HANCOCK -- Walking along Sideling Hill Creek, Laurie MacIvor spots a tiny black slit on the brown silty bottom of the sparkling mountain stream.
Most people wouldn't have seen it at all. But to MacIvor, a biologist with Maryland's Natural Heritage program, the dime-sized slit looked like the open mouth of a freshwater mussel buried in the mud.
It turned out to be more than just another mussel. It was Lasmigona subviridis, also known as a "green floater." The inch-long bivalve is listed as endangered in Maryland, and it is rare enough nationwide to be nominated for federal protection.
The mussel's discovery yesterday on the edge of a pool where Baltimore-area Boy Scouts swim every summer was further proof that the Lillian Aaron Straus Boy Scout Camp on the border of Washington and Allegany counties is some of the most ecologically significant land in Maryland.
Today, thanks to a deal engineered by the Nature Conservancy, a conservation group, the state is to buy the 1,194-acre Scout camp to protect a major portion of the creek and its rare plants and animals. The state Board of Public Works in Annapolis was expected to approve paying about $800,000 for the property.
Maryland Secretary of Natural Resources Torrey C. Brown called the camp a "fabulous spot," and he said the purchase will tie in with other state efforts to preserve Sideling Hill Creek.
The creek, which meanders 25 miles southward from Pennsylvania to the Potomac River, is rich in rare plants and animals, including the healthiest stand in the world of the federally endangered wildflower, Harperella.
A member of the carrot family, the delicate white flower blooms in midsummer in only a few streams in Maryland, West Virginia, the Carolinas, Georgia and Alabama.
The stream also features the state's largest stand of another wildflower, the crested iris, said Rodney Bartgis, another Heritage biologist. Rare butterflies and moths are found here, as are shale barrens, unusual rock outcrops with vegetation more likely to be found on Midwest prairies.
The purchase of the Scout camp culminates two years of effort by the conservancy, which has bought or preserved more than (( 29,000 acres in Maryland, often in cooperation with the state.
Sideling Hill Creek is one of the most pristine streams in central Appalachia because "it's still pretty undisturbed" by development and pollution, said Wilke Nelson, assistant director the conservancy's Maryland chapter. Only a few small farms and hunting cabins border its banks, and portions of the stream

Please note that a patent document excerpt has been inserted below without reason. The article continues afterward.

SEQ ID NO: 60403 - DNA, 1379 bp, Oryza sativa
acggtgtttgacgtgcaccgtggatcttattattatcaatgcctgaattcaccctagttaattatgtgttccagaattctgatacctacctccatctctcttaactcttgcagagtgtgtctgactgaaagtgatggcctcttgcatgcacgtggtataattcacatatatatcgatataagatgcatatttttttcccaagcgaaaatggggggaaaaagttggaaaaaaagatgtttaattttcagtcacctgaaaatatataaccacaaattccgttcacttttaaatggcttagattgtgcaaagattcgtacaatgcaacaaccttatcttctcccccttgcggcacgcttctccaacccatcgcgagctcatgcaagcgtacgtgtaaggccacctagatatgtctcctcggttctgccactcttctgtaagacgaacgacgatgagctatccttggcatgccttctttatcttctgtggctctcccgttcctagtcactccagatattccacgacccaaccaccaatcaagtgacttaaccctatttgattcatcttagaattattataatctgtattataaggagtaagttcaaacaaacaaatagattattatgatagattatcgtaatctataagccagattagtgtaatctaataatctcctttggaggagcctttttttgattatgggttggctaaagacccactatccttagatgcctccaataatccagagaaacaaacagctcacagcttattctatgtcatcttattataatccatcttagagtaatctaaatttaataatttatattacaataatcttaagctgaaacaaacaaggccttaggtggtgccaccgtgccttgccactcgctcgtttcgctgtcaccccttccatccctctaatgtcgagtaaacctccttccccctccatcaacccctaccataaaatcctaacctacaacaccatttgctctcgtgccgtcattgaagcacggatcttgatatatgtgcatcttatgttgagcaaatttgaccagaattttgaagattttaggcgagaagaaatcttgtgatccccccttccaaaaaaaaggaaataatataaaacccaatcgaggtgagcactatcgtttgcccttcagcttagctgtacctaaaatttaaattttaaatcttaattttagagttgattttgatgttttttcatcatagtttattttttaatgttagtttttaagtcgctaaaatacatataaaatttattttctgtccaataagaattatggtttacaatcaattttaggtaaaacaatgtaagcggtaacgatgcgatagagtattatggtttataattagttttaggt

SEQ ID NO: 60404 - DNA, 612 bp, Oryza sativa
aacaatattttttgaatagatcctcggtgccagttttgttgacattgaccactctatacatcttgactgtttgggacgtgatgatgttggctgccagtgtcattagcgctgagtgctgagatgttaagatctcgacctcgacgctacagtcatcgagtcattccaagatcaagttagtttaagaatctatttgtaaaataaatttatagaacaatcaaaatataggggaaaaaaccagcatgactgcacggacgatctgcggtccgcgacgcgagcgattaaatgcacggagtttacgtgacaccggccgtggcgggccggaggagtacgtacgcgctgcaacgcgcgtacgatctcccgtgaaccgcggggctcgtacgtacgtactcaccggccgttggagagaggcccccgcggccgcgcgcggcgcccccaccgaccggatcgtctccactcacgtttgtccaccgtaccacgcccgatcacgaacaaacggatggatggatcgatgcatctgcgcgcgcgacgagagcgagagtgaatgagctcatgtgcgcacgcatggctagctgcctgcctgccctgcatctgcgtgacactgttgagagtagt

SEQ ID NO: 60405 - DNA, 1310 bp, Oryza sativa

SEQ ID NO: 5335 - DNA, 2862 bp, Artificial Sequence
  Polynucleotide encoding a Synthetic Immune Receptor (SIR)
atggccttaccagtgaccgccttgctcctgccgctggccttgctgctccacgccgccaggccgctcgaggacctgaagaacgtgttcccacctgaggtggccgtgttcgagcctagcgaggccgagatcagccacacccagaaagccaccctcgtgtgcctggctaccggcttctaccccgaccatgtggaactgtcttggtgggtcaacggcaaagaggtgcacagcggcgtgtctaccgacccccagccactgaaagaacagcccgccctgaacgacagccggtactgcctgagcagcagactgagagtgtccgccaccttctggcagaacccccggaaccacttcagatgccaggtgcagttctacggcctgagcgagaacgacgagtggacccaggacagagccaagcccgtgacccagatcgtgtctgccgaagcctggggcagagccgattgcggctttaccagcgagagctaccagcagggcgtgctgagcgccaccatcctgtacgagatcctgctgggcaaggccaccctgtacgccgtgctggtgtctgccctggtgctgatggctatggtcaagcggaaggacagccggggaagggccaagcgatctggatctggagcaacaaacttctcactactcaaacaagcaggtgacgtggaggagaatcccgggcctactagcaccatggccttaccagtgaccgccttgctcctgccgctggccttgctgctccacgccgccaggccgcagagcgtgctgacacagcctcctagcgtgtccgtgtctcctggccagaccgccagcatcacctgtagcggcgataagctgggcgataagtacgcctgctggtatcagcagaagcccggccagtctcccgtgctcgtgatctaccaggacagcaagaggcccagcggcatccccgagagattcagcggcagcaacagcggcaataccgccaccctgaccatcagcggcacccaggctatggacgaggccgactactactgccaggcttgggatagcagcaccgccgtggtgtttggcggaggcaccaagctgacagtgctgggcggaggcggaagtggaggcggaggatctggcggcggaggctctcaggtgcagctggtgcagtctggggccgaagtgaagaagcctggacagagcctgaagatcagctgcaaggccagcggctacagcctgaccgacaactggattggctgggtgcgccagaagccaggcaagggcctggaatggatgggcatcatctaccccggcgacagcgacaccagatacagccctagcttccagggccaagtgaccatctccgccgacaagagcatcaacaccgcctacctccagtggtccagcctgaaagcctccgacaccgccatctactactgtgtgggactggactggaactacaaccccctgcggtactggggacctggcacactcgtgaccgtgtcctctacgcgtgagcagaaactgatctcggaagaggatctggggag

flow through a state wildlife management area.
But its rare plants and animals still are vulnerable to a variety of man-made threats, including acid rain and runoff, according to state biologists.
State highway construction widening U.S. 48 dumped mud into the creek a few miles upstream of the Scout camp a few years ago. The silt threatened to smother some of the stream's Harperella, which grows in rocky crevices and gravelly shoals along the stream's edge.
The mud from the highway work eventually washed downstream, said Bartgis. And the State Highway Administration has given DNR about $11,000 to help state biologists preserve the rare plant. But road-salt runoff from the highway is a continuing concern for the Harperella that grows directly downstream.
An even greater concern may be the acidic rain that falls in Western Maryland and much of the rest of the state. Bartgis said that Sideling Hill Creek so far has not been affected, but it has very little natural capacity to neutralize acid rain produced by emissions from power plants, autos and other industry. Studies have shown that Harperella cannot stand acidic water or other pollution, he explained.
Maryland and Pennsylvania officials and the Nature Conservancy are moving to protect Sideling Hill Creek along its length.
Besides the Scout camp purchase, Maryland officials also are considering designating about 1,000 acres of the neighboring wildlife management area as "wildland," a state wilderness area where logging, road construction and other major disruptions would be barred.
Under today's deal, the Scouts can continue to use the camp they have owned since the 1950s. The Maryland National Guard, which has been conducting training exercises at the camp under contract with the Scouts, also will be allowed to keep using it.
The Guard's activities will be restricted to prevent disturbance of the stream, state officials say.
"This is an absolutely win, win, win situation," said Joseph Charles Jacobs, president of the Baltimore Area Council of the Boy Scouts of America.
The Boy Scouts and the Guard can continue to use the property, Jacobs noted, while Marylanders are "now guaranteed that this wonderful wilderness will be available to them forever."